The new Physical Archive of the Internet Archive officially launched over the weekend and IA Founder, Brewster Kahle, as written a fact filled overview about why there is a need to build a physical archive and then info about the new facility that’s located in Richmond, CA.
A reason to preserve the physical book that has been digitized is that it is the authentic and original version that can be used as a reference in the future. If there is ever a controversy about the digital version, the original can be examined. A seed bank such as the Svalbard Global Seed Vault is seen as an authoritative and safe version of crops we are growing. Saving physical copies of digitized books might at least be seen in a similar light as an authoritative and safe copy that may be called upon in the future.
As the Internet Archive has digitized collections and placed them on our computer disks, we have found that the digital versions have more and more in common with physical versions. The computer hard disks, while holding digital data, are still physical objects. As such we archive them as they retire after their 3-5 year lifetime. Similarly, we also archive microfilm, which was a previous generation’s access format. So hard drives are just another physical format that stores information. This connection showed us that physical archiving is still an important function in a digital era.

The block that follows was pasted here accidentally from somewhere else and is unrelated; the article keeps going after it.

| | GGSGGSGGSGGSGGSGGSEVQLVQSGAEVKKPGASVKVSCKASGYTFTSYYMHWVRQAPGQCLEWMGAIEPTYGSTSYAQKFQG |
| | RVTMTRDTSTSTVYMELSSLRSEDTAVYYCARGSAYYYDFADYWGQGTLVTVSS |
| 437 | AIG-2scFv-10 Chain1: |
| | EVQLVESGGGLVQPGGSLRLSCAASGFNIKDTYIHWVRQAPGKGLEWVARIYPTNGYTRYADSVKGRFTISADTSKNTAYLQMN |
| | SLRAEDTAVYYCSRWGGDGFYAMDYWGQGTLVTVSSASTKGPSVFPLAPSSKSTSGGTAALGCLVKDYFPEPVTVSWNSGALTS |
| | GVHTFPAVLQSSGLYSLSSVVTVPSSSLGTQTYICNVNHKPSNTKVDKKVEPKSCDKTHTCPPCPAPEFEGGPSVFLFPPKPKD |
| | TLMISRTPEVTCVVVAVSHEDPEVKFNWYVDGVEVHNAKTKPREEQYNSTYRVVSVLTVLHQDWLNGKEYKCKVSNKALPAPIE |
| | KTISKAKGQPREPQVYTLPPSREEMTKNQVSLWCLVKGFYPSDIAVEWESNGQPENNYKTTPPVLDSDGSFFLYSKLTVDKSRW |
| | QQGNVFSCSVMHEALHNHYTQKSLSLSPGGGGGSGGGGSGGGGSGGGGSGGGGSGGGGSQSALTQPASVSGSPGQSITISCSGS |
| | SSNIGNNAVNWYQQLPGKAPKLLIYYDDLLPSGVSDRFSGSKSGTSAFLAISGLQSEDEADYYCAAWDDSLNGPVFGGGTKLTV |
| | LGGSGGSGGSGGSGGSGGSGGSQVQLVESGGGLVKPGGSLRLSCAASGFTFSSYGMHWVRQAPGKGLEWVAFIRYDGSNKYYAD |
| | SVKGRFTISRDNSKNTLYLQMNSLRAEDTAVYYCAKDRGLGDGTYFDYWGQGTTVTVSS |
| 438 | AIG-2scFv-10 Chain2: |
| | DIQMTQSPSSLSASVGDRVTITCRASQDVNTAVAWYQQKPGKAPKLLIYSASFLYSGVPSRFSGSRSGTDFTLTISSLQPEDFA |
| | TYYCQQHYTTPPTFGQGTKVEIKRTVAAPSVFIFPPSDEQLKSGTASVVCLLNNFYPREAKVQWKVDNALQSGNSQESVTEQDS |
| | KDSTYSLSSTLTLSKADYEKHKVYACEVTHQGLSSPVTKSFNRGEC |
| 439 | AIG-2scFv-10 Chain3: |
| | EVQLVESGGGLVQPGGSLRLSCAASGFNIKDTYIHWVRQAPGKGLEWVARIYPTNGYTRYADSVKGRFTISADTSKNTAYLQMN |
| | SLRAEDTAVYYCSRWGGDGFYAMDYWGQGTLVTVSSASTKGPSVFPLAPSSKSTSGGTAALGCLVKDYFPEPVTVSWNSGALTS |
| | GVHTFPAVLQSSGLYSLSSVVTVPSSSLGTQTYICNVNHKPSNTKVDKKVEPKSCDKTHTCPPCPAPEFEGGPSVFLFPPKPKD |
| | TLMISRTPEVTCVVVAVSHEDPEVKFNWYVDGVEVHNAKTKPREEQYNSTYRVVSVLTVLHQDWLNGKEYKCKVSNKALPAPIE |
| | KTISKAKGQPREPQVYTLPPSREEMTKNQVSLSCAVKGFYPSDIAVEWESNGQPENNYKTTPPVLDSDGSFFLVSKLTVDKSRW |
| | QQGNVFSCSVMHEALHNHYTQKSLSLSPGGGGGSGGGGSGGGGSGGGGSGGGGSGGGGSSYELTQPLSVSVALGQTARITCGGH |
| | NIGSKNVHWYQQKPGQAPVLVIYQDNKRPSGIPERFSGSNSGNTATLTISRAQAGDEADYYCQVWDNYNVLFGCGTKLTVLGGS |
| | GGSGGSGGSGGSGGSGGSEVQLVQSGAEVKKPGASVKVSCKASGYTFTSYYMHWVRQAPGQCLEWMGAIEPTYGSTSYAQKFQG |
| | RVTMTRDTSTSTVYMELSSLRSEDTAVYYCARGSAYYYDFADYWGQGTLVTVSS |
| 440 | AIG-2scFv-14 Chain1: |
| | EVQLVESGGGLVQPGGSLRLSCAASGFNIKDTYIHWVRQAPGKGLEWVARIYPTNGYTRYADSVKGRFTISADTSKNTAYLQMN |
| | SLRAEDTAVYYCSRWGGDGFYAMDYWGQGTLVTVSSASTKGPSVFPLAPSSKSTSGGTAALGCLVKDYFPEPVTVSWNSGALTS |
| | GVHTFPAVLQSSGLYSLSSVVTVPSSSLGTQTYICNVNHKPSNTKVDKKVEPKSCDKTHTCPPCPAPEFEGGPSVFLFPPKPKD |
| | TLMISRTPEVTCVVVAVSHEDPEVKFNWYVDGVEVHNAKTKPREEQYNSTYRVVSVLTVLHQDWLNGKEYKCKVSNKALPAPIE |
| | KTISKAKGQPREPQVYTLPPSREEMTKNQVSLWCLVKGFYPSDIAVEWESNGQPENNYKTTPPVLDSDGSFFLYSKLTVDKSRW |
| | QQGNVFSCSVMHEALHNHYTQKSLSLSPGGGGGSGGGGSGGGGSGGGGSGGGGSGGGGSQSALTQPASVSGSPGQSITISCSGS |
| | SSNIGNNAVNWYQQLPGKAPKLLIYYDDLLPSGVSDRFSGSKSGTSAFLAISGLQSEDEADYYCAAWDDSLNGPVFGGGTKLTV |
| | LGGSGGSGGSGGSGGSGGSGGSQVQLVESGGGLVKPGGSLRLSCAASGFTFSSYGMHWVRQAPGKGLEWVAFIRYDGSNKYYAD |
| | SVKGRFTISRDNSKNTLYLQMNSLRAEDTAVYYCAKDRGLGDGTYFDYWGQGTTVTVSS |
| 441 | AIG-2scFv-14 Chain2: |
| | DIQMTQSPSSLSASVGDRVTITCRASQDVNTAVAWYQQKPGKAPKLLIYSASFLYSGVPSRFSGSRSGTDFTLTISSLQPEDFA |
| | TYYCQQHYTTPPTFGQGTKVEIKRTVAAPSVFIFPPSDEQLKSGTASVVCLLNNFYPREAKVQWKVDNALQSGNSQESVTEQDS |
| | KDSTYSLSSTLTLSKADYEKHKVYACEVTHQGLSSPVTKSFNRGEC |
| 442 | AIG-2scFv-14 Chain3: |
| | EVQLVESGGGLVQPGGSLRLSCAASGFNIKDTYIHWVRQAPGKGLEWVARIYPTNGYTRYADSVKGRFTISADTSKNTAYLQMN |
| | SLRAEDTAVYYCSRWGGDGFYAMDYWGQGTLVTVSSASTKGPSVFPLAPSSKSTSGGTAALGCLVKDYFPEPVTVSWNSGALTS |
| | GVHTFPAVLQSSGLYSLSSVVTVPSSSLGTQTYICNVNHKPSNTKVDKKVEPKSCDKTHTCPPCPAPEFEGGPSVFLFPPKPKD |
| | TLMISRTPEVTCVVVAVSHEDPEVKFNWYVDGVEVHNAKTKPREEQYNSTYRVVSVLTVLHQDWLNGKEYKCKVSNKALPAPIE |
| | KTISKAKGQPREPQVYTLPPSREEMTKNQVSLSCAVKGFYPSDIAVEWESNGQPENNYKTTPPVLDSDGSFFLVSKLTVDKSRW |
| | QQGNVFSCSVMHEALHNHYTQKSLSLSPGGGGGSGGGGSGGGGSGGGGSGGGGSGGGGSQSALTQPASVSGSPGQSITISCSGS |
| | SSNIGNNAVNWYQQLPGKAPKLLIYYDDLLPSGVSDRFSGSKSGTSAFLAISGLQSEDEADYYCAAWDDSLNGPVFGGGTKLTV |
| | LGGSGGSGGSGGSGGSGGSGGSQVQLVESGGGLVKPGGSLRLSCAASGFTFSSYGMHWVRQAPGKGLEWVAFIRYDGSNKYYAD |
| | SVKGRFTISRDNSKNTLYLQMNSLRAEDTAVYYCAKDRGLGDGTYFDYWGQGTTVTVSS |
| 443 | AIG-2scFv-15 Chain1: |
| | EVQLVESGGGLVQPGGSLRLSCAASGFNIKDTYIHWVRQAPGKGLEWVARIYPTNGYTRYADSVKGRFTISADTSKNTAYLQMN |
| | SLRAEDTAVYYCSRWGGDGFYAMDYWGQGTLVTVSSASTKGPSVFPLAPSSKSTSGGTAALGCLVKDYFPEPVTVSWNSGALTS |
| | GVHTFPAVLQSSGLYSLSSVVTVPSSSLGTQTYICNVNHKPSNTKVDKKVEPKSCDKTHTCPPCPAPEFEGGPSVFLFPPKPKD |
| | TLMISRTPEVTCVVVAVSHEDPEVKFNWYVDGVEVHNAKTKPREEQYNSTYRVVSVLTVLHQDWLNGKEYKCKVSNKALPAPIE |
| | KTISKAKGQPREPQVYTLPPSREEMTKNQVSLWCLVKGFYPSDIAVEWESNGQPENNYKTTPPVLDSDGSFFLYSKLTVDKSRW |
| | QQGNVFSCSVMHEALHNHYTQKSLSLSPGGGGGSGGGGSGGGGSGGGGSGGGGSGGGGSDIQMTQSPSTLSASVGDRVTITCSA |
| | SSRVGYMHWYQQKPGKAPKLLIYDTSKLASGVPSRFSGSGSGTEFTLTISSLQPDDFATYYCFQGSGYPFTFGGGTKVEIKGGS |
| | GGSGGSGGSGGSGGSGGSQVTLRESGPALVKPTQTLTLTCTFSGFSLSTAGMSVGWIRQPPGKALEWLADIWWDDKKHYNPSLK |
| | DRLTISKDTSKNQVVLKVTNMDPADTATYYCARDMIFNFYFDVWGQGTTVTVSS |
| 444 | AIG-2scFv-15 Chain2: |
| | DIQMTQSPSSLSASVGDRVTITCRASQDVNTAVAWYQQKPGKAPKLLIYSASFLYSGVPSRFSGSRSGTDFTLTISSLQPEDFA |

There is also a connection between digitized collections and physical collections. The libraries we scan in, rarely want more digital books than the digital versions that we scan from their collections. This struck us as strange until we better understood the craftsmanship required in putting together great collections of books, whether physical or digital. As we are archiving the books, we are carefully recording with the physical book what the identifier for the virtual version, and attaching information to the digital version of where the physical version resides.
Therefore we have determined that we will keep a copy of the books we digitize if they are not returned to another library. Since we are interested in scanning one copy of every book ever published, we are starting to collect as many books as we can.
Kahle’s blog post has a lot more info about the new Physical Archive and also included several photos.